Composed by Georges Bizet
Directed by Matthew Barclay
Canberra Theatre, Canberra Theatre Centre to 10 July
Reviewed by Len Power 8 July 2021
Opera Australia’s touring production of Bizet’s ‘Carmen’ would be a good first time choice for anyone not sure if they would enjoy a live production of an opera. Much of the music of ‘Carmen’ is instantly recognizable and it has a compelling storyline. This production is very accessible, well sung and colourfully entertaining.
In Seville, the fiery gypsy, Carmen, seduces the naïve soldier, Don José. He abandons his childhood sweetheart, Micaёla, as well as his military duties. When Carmen ultimately leaves him for the toreador, Escamillo, Don José feels his life is ruined and threatens to kill her.
Although scaled down to tour with a smaller cast, the production set in the 1950s loses none of its power due to the very clear story-telling, fluid staging and depth of character in the singers’ performances.
The demands of touring require that alternate singers play the principal roles. At the opening night performance here in Canberra, the role of Carmen was sung by Angela Hogan. She brought the necessary fire and passion to the role as well as singing it very well. Her ‘Habanera’ was especially well sung.
|Iain Henderson (Don José) and Angela Hogan (Carmen)|
Iain Henderson performed Don José as a simple, inexperienced young man, making it more believable that he would fall for the charms of a worldly creature like Carmen. His arias ‘Tell Me About My Mother’ and ‘The Flower You Threw At Me’ were sung with great sensitivity, revealing a strong insight into the man.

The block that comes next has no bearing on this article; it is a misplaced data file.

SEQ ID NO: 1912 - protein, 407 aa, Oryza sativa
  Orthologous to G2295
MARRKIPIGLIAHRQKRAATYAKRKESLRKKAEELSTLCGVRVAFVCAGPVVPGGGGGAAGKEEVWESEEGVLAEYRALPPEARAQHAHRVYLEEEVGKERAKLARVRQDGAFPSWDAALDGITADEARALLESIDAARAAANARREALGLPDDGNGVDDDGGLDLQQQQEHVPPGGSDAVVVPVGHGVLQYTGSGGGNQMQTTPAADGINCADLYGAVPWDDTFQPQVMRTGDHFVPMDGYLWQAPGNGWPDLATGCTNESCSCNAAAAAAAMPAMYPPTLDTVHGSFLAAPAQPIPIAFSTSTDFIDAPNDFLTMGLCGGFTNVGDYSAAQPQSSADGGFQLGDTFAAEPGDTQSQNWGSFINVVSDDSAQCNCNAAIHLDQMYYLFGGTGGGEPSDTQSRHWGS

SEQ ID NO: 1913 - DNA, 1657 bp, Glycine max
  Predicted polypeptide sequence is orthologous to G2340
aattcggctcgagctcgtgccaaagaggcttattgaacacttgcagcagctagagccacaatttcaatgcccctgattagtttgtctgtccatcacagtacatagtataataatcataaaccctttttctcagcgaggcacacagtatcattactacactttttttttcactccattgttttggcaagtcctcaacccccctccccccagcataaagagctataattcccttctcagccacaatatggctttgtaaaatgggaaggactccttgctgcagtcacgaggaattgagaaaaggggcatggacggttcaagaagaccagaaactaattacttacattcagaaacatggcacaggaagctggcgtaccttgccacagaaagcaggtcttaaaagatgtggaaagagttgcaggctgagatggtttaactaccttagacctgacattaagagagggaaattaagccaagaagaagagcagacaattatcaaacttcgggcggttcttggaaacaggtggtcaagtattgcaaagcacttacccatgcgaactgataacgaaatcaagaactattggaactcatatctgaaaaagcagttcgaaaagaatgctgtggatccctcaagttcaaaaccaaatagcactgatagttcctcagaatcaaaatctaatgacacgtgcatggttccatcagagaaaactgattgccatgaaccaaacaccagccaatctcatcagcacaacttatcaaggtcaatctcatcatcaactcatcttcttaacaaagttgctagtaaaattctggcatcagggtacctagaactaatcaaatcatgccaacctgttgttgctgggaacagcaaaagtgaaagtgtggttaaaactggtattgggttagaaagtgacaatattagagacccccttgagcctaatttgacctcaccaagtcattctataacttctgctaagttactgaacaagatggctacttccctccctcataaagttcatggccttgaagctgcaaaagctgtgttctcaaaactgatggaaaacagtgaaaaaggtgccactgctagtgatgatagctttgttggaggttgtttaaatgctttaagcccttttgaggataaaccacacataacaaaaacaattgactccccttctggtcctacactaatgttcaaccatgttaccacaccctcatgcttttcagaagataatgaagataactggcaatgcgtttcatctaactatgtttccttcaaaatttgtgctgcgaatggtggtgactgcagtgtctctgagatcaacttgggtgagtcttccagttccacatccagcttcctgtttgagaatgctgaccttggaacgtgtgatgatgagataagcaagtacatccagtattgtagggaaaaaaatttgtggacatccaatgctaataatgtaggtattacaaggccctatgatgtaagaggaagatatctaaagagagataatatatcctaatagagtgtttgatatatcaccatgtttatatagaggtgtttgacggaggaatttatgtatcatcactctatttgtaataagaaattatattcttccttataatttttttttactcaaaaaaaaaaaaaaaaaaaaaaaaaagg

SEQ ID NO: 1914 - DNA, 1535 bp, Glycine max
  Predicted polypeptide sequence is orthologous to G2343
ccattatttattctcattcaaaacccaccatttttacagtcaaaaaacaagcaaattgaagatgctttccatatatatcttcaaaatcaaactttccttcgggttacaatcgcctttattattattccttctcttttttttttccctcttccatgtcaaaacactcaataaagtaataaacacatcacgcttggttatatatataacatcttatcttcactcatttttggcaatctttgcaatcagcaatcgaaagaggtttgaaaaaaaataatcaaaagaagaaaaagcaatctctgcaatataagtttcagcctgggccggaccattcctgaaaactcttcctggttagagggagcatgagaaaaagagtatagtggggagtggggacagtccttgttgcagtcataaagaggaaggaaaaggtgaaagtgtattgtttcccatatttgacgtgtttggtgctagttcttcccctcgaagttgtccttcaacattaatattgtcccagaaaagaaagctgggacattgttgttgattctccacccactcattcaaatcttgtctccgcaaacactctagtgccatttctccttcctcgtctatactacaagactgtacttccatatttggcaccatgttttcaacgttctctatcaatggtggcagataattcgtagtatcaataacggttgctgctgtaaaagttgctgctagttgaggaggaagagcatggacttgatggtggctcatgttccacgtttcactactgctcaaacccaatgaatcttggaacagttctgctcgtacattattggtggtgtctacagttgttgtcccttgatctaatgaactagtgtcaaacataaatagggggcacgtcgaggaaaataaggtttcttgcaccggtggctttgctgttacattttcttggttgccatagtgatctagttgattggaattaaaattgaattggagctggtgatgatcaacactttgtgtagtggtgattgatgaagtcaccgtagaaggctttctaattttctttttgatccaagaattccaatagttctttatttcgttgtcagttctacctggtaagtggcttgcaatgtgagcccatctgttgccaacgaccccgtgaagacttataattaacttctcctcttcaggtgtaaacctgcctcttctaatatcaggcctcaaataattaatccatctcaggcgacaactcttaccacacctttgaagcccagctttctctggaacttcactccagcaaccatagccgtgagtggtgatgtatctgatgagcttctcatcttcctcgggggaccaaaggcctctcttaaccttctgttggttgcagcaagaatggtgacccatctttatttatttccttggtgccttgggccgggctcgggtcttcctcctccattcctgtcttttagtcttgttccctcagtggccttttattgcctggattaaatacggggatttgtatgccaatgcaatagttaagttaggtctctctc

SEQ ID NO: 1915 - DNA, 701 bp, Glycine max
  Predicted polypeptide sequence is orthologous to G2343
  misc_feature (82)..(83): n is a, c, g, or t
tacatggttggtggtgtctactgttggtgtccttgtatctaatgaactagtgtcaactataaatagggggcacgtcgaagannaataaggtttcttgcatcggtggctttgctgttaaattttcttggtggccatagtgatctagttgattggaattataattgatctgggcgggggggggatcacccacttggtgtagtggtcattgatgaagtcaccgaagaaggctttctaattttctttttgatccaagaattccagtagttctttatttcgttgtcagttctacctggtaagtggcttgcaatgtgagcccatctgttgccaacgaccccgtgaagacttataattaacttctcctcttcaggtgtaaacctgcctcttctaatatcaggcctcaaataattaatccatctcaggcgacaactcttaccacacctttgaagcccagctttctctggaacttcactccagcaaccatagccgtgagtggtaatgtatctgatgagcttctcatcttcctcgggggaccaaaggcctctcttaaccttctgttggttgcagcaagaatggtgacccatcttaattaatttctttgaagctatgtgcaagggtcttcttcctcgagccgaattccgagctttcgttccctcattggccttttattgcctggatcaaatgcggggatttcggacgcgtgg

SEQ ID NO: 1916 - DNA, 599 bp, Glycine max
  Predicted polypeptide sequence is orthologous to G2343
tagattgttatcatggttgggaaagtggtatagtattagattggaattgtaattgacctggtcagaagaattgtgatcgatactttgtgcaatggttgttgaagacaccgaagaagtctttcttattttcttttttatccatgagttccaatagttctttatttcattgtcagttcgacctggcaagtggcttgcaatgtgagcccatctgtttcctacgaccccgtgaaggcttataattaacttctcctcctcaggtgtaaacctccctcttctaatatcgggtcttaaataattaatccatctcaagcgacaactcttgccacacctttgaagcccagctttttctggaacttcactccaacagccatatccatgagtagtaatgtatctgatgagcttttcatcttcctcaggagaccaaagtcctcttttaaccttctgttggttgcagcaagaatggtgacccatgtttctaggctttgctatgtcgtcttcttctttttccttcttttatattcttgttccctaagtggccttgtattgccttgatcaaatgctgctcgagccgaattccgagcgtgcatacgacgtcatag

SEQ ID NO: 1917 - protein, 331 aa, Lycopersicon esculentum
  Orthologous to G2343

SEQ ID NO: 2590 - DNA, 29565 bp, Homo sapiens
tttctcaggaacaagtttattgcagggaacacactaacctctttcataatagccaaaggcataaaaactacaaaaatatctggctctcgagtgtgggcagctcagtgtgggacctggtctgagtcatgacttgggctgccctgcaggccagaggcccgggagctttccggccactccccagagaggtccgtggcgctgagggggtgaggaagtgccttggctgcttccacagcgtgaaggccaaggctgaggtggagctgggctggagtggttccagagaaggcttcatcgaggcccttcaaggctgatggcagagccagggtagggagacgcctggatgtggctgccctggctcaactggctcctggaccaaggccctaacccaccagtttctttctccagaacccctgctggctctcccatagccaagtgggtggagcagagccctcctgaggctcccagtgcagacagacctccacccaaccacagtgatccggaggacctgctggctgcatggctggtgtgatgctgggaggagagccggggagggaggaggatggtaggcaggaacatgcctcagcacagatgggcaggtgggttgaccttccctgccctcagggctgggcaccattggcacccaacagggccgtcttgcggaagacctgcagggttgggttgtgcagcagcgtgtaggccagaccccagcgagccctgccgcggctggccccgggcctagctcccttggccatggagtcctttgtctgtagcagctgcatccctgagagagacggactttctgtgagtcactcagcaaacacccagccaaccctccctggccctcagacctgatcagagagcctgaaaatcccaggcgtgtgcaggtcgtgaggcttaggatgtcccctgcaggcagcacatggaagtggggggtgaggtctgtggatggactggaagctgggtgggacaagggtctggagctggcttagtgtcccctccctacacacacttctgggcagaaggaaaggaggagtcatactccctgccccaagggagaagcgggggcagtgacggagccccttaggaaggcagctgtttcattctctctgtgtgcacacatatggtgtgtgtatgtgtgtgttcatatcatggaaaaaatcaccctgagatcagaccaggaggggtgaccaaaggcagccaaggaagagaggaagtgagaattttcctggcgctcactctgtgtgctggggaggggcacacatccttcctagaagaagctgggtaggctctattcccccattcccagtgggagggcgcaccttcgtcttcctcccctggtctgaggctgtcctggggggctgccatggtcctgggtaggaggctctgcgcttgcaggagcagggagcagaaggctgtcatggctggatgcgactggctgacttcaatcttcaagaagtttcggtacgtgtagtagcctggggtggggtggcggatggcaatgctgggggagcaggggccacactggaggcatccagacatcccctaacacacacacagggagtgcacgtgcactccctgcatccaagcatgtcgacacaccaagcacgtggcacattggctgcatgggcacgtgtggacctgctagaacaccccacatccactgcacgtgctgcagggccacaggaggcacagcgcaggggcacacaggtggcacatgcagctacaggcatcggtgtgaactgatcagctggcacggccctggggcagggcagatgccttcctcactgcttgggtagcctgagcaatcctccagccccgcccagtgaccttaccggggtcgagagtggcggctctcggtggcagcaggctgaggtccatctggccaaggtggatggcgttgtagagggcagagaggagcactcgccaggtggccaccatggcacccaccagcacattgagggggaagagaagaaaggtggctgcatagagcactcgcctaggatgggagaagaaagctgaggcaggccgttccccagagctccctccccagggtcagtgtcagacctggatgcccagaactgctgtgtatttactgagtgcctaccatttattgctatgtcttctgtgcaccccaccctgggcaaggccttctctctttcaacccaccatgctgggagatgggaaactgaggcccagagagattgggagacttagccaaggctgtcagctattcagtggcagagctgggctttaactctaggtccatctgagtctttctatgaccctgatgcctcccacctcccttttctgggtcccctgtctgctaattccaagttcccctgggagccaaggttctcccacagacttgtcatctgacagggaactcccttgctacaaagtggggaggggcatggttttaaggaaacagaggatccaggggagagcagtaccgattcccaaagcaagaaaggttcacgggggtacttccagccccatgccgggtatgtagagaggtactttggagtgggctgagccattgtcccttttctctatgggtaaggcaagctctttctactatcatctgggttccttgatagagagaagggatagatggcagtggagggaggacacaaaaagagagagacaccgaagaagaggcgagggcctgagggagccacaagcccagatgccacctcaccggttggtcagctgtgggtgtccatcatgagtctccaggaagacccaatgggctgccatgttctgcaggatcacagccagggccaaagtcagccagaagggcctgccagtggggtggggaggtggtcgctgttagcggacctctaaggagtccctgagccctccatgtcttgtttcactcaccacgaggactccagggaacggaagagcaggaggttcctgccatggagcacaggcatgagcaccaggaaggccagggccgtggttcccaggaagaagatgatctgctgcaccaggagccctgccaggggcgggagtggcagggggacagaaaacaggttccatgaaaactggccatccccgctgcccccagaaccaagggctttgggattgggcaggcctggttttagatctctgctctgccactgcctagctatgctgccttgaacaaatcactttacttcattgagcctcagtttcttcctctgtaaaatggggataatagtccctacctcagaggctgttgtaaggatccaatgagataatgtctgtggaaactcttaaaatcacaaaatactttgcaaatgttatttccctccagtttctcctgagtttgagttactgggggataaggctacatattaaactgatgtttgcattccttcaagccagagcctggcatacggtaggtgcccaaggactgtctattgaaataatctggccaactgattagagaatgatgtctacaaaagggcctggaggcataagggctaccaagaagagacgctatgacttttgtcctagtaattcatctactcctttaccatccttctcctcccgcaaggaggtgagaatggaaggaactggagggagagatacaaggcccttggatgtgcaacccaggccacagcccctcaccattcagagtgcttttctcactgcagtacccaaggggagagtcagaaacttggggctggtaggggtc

Danita Weatherstone was very appealing as Micaёla, the spurned but steadfast girlfriend of Don José. She gave a powerful performance of her third act aria, ‘I say that nothing frightens me’.
Haotian Qi was in fine voice as Escamillo with the very well-known ‘Toreador Song’ performed with convincing authority. There was excellent singing from the rest of the cast in the smaller roles and chorus parts. The children’s chorus also performed and sang very well.
The small orchestra, conducted by Luke Spicer, gave a pleasing performance of the score, bringing out all the colour and passion in Bizet’s music.
The touring set designed by Anna Cordingley depicts four distinct locations. It evokes the 1950s era very well, especially the second act bar room. Cordingley’s costume designs are colourful and right for each of the characters and the period.
Director and choreographer, Matthew Barclay, has produced a fine show that works very well in its 1950s setting.
Photos: Jeff Busby
Len Power’s reviews are also broadcast on the Artsound FM 92.7 ‘In the Foyer’ program on Mondays and Wednesdays at 3.30pm.
This review is also published in Len Power’s blog ‘Just Power Writing’ at https://justpowerwriting.blogspot.com/.